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Title Animal models for endometriosis : evolution, utility and clinical relevance / edited by Kathy L. Sharpe-Timms
Imprint Cham : Springer International Publishing : Imprint: Springer, 2020
book jacket
Descript 1 online resource (vii, 111 pages) : illustrations (some color), digital ; 24 cm
text txt rdacontent
computer c rdamedia
online resource cr rdacarrier
text file PDF rda
Series Advances in anatomy, embryology and cell biology, 0301-5556 ; 232
Advances in anatomy, embryology and cell biology ; 232
Note Chapter 1. Introduction -- Chapter 2. Baboon model -- Chapter 3. Mechanisms of endometriosis-associated subfertility and novel therapeutic approaches discovered using a rat model -- Chapter 4. Animal models for pain or inflammation in endometriosis -- Chapter 5 Environmental endocrine disruptors and risk of endometriosis in mouse models -- Chapter 6. Deciphering the role of miRNAs in endometriosis pathophysiology using experimental endometriosis mouse models -- Chapter 7.Summation and future needs
This new volume of our successful book series Advances in Anatomy, Embryology and Cell Biology focuses on the need for and use of animal models when studying endometriosis. Covering models ranging from rodents to baboons, it explores novel mechanisms involved in the pathophysiology of endometriosis. Topics range from the role of miRNAs and environmental endocrine disrupters to pain and endometriosis-associated subfertility. Estimated to affect up to 10% of women, endometriosis is a widespread and in some cases debilitating disease. While studies on the pathophysiology of the disease and the development of treatments for endometriosis-associated subfertility are called for, acquiring appropriate tissues from women with and without endometriosis in combination with physiologically relevant in vitro and in vivo laboratory models is an essential aspect. However, control subjects with similar ages, living environments and medical histories, besides endometriosis, are hard to find and attaining suitable human reproductive tissues is linked to an ongoing ethical discussion, especially when studying embryos. Laboratory models like rodent and monkey models are therefore needed to fill the research gap and support hypothesis-driven, randomized, controlled experimental design studies. In this book we highlight the latest developments and findings in endometriosis research using animal models. The book was written for scientists, physicians and medical students working in the field of reproductive science, and for women with endometriosis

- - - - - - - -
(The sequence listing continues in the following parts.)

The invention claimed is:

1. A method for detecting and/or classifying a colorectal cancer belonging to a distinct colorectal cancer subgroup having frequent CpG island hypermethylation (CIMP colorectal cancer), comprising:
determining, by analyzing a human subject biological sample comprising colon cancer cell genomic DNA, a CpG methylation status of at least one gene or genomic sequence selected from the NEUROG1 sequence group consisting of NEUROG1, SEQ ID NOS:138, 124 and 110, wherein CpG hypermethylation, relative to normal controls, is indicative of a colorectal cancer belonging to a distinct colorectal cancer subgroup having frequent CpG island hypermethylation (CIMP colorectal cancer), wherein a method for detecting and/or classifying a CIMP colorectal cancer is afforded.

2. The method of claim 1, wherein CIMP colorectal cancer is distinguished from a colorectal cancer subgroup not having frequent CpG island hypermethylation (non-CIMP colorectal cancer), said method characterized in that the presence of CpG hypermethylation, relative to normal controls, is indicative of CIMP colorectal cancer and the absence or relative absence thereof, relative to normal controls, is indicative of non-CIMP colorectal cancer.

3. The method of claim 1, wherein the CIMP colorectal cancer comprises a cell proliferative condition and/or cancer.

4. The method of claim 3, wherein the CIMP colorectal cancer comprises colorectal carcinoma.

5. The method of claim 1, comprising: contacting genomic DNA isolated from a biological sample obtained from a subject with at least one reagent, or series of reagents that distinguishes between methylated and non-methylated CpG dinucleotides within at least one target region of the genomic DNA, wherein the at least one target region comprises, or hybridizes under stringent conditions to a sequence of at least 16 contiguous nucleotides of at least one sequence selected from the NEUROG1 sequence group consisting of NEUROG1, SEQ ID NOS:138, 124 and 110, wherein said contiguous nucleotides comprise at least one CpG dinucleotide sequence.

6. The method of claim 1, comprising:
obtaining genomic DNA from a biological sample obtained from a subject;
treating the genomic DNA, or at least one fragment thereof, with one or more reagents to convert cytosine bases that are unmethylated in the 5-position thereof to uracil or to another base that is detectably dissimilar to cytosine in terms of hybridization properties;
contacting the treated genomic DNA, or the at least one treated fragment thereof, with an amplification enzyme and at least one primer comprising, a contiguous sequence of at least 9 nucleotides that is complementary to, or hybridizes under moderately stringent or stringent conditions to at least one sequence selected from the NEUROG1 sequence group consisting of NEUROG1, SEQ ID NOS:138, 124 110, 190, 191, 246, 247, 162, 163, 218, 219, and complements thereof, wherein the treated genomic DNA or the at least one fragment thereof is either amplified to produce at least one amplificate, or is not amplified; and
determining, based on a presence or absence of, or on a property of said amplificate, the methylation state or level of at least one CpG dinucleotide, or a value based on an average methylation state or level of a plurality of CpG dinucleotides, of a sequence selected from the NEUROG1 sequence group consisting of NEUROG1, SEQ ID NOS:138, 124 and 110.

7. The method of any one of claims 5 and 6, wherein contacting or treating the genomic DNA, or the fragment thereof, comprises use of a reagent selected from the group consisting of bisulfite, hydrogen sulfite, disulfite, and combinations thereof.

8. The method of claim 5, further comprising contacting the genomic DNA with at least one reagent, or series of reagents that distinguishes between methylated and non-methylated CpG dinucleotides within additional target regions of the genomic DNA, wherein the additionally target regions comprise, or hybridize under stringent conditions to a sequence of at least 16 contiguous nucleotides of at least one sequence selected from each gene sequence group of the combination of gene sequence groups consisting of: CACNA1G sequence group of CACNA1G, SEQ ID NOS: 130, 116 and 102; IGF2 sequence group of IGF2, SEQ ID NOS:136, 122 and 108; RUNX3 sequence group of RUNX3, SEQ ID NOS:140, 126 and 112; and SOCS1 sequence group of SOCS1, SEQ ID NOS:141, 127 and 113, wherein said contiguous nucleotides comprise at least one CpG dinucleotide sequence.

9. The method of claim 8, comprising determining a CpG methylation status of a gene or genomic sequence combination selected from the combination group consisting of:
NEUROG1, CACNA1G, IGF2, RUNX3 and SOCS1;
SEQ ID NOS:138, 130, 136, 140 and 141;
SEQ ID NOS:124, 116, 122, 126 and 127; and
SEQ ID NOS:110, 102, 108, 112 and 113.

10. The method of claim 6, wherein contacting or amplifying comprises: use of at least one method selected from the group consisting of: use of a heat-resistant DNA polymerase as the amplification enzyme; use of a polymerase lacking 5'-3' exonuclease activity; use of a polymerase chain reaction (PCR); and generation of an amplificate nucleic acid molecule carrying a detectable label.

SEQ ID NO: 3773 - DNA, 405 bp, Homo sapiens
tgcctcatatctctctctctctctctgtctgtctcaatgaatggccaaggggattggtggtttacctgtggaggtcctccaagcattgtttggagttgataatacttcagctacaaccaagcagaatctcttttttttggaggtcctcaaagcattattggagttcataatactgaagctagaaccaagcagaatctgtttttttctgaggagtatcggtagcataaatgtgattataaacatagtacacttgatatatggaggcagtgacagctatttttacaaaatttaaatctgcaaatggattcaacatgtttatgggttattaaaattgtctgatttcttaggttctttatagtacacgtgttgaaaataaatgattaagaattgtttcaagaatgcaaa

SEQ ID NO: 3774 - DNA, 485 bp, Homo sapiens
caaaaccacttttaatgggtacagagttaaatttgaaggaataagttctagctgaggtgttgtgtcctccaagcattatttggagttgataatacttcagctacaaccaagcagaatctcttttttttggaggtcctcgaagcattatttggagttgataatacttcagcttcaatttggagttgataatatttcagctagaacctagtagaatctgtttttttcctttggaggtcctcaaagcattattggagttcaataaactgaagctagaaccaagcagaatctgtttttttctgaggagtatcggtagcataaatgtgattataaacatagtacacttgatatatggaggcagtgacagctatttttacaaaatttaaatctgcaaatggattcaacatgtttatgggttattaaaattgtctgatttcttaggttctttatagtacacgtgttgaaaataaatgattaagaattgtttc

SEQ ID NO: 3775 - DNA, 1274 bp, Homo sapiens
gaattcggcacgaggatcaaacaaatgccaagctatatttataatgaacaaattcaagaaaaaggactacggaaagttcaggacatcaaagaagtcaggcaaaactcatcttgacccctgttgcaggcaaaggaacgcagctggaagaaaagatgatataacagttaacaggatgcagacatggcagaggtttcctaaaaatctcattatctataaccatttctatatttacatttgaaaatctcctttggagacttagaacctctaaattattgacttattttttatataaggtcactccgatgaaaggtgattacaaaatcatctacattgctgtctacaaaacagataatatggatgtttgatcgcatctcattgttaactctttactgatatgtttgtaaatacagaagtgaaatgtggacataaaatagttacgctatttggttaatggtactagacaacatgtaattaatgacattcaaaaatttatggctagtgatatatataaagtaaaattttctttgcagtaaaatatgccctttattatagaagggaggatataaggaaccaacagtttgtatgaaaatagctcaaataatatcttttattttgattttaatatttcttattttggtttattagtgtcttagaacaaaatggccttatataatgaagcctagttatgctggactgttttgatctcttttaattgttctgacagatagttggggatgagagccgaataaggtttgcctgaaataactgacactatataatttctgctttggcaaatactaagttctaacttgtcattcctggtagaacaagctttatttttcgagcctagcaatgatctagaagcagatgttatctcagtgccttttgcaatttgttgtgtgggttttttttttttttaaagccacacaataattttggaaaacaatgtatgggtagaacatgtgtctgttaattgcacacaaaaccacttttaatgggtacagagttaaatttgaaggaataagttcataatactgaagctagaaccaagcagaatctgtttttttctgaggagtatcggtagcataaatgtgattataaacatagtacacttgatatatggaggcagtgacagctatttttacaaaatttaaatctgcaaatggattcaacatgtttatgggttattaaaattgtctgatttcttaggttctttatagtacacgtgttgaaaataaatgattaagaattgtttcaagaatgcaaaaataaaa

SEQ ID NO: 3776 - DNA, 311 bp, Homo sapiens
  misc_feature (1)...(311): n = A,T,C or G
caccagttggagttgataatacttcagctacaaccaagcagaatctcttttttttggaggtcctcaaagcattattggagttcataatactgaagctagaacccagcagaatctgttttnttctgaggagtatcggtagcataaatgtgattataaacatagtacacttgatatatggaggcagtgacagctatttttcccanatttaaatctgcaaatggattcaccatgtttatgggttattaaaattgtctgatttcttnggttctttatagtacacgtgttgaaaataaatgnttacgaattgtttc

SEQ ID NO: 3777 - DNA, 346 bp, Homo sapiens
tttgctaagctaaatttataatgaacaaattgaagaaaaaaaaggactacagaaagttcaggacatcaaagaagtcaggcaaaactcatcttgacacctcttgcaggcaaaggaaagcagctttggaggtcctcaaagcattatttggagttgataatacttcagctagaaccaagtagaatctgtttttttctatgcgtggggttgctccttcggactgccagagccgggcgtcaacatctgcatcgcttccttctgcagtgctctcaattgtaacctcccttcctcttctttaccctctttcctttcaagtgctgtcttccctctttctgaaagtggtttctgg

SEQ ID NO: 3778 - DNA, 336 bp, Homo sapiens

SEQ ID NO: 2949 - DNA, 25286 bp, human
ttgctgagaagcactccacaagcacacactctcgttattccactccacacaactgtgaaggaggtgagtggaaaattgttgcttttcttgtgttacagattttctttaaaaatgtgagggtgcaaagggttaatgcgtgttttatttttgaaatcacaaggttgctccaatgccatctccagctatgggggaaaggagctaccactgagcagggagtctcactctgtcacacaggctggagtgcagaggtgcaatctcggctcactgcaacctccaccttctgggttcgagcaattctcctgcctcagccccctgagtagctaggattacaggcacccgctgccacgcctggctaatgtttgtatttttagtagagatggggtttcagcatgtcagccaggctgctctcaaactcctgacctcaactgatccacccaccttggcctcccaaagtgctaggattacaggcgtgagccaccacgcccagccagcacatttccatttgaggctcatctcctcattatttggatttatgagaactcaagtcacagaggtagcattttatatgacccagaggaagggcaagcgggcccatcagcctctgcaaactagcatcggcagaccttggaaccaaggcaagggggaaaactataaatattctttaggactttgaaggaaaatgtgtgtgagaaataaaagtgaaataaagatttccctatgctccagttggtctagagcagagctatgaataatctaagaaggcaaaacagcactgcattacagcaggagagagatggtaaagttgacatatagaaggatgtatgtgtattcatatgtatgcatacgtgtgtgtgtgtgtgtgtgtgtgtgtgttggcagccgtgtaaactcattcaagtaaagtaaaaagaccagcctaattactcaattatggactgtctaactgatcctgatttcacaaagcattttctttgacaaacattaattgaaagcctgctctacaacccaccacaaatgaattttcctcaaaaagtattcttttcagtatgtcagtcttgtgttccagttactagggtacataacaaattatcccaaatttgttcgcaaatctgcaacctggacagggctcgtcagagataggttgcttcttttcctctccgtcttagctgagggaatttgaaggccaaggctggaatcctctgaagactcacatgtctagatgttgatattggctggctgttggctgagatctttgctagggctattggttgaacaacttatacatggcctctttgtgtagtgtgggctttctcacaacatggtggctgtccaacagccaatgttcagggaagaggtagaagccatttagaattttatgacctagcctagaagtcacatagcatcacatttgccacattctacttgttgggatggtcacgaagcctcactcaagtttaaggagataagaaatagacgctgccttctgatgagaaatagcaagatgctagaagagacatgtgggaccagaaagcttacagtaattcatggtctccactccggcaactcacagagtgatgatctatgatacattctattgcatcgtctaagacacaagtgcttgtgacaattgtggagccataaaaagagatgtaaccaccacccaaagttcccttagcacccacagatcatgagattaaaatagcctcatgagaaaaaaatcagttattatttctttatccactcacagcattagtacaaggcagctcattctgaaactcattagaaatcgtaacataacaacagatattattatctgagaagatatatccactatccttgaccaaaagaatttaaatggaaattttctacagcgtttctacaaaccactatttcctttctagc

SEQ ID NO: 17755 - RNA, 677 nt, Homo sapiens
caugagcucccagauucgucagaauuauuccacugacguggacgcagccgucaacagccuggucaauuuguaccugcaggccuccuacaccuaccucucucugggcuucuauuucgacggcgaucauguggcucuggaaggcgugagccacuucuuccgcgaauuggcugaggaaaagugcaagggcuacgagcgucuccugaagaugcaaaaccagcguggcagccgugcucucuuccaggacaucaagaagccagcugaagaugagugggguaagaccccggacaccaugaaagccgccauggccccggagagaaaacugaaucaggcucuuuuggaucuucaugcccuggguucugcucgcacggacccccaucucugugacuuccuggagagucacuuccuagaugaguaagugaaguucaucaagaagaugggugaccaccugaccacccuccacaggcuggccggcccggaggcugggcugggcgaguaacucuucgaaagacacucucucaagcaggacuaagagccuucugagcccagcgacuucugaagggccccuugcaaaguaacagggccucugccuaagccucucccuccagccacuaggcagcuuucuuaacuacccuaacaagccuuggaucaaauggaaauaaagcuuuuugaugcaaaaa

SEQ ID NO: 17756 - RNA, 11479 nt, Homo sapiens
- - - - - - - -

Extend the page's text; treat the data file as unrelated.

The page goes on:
Host Item Springer Nature eBook
Subject Endometriosis -- Animal models
Biology -- Technique
Biological Techniques
Biomedicine, general
Reproductive Medicine
Alt Author Sharpe-Timms, Kathy L., editor
SpringerLink (Online service)
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